History of Dental Implants
Dental implants are screw-like titanium posts that are used to replace tooth roots. They serve as a sturdy base for permanent or removable replacement teeth that are designed to match your natural teeth.
Dental implants can be fused to the jawbone over time and feel just like natural teeth in the long run. They allow you to eat and speak normally without any difficulty.
Dental Implants in Ancient History
One of the earliest versions of dental implants was used in ancient China in approximately 2000 BC. It was a usual practice to replace missing teeth with carved bamboo pegs.
The first ever recorded metal tooth replacement was found from the body of an Egyptian king who ruled around 1000 BC. A copper peg was found to be hammered into his upper jawbone. However, it is likely that it was attached inside his mouth after his death, because the procedure would have been extremely painful at that time when anesthetics had not been invented.
In 300 BC, a fabricated iron tooth was found in a Celtic grave. The false tooth is believed to be hammered in place after death for aesthetic reasons in this case as well.
Only 2000 years back, people used to attempt to replace teeth using a tooth from an animal or someone belonging to a lower social class. These implants were mostly rejected as they would be vulnerable to decay and infection.
Around 600 AD, Mayans used to fix shell pieces into the lower jaw, which is the closest evidence of the first ever dental implants. According to the radiographs of Mayan mandibles during the 1970s, bone growth around the implants was similar to contemporary implants.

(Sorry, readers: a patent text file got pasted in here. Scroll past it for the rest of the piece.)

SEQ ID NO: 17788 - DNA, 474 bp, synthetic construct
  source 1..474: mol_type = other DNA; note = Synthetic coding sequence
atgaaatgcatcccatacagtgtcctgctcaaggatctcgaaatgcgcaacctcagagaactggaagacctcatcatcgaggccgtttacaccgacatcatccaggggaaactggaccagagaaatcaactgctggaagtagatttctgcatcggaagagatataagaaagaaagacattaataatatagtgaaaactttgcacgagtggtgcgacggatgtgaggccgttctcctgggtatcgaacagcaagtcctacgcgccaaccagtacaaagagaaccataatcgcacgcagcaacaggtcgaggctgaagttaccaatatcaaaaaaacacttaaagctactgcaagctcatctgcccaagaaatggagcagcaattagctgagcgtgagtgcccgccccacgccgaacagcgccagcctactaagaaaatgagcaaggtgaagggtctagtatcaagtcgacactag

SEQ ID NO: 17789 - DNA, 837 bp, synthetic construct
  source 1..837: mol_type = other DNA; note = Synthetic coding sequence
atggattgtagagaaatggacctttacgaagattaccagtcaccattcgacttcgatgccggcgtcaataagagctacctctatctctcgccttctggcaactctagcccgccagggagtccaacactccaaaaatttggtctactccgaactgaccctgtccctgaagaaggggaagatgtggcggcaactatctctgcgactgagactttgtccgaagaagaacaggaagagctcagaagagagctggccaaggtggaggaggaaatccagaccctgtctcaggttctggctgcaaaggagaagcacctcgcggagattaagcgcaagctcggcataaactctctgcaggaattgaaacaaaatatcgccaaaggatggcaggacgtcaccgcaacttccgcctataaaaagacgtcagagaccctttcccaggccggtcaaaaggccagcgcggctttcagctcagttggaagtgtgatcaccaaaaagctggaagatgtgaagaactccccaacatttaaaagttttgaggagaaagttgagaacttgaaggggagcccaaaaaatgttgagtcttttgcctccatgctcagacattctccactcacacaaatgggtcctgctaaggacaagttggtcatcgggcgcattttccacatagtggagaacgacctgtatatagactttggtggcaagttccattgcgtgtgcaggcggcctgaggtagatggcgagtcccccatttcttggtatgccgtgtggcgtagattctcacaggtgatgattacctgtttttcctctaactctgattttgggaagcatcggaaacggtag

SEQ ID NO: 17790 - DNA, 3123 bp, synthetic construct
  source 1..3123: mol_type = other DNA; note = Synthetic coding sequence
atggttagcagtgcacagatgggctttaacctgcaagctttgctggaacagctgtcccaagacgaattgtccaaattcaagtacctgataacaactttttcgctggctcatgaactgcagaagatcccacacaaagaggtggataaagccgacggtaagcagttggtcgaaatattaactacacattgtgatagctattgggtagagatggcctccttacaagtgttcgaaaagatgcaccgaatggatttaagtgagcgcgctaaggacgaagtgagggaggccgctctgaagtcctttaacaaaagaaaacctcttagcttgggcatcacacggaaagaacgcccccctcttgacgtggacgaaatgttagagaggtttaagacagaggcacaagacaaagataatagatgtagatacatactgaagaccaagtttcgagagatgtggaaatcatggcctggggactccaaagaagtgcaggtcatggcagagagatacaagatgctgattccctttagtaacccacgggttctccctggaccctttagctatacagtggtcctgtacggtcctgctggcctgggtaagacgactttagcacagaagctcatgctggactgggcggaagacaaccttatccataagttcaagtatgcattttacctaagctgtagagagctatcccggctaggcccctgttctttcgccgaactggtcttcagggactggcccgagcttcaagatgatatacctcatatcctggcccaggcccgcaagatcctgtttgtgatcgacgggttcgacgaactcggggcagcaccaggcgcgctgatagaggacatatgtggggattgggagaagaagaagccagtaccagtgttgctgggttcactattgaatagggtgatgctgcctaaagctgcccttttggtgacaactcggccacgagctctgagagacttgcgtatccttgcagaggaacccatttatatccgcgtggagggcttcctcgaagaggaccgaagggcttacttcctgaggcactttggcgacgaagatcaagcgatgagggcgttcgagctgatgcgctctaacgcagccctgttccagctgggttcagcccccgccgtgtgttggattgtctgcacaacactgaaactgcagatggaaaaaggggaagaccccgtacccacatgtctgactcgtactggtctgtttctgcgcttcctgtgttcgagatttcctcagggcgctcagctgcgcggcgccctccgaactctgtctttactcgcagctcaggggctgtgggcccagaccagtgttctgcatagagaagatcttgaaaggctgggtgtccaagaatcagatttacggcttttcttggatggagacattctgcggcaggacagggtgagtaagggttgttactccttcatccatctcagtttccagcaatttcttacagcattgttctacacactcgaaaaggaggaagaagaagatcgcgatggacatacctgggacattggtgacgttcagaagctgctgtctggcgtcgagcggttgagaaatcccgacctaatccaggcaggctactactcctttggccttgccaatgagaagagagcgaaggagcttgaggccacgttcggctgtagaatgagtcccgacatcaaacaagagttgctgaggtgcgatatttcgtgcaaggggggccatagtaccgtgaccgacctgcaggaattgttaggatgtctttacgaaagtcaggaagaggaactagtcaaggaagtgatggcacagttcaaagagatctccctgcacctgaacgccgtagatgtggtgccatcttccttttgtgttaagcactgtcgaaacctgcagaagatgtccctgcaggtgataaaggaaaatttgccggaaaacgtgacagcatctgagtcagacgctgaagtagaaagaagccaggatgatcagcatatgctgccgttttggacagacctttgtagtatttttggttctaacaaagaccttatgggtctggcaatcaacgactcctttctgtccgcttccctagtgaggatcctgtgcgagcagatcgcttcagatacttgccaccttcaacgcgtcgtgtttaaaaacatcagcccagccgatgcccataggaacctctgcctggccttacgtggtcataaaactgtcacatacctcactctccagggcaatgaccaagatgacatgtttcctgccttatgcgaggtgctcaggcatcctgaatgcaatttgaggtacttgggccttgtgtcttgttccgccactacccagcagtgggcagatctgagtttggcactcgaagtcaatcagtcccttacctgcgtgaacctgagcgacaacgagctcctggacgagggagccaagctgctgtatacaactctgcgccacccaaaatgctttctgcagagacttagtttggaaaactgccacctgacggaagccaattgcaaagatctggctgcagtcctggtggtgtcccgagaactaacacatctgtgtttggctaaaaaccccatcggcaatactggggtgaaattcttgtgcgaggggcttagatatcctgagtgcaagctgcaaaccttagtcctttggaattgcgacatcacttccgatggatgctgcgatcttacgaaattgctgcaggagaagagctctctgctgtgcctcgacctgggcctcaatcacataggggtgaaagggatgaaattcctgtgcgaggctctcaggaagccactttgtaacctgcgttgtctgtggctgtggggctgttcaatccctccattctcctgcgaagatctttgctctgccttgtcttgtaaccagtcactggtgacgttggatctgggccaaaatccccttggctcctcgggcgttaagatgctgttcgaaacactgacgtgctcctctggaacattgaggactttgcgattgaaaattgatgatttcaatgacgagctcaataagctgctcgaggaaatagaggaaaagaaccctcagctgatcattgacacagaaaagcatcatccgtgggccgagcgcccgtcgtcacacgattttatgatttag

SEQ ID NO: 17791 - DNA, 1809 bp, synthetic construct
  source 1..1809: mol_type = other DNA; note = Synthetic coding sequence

In 1886, a doctor fixed a porcelain crown on top of a platinum disc, which turned out to be an unsuccessful experiment. This was because the body tends to reject foreign elements. For a successful dental implant, it is important for the implant material to fuse to the jawbone.
Modern-Day Dental Implants
Contemporary dental implants were actually created by accident. In 1952, Swedish researcher, Per-Ingvar Branemark, observed that he was unable to remove a titanium piece he had placed in a rabbit’s leg to study how blood circulation impacts bone healing.
He found out that the titanium had bonded with the bone and was unable to get it detached. This special trait of bone integration is known as osseointegration. The discovery regarding titanium made Branemark conclude that the human body was compatible with the long-term presence of titanium, making it viable for use as a base for artificial teeth.
Today, with rapid advancements in dental technology, implants can be created in a variety of shapes and sizes to match your natural teeth and dental implants now last longer than before. The surfaces of contemporary dental implants offer a much more natural look and feel as compared to their predecessors. If you have a tooth missing and require an implant to restore your smile, schedule an appointment with us at Dallas Oral Surgery Associates by calling us at today.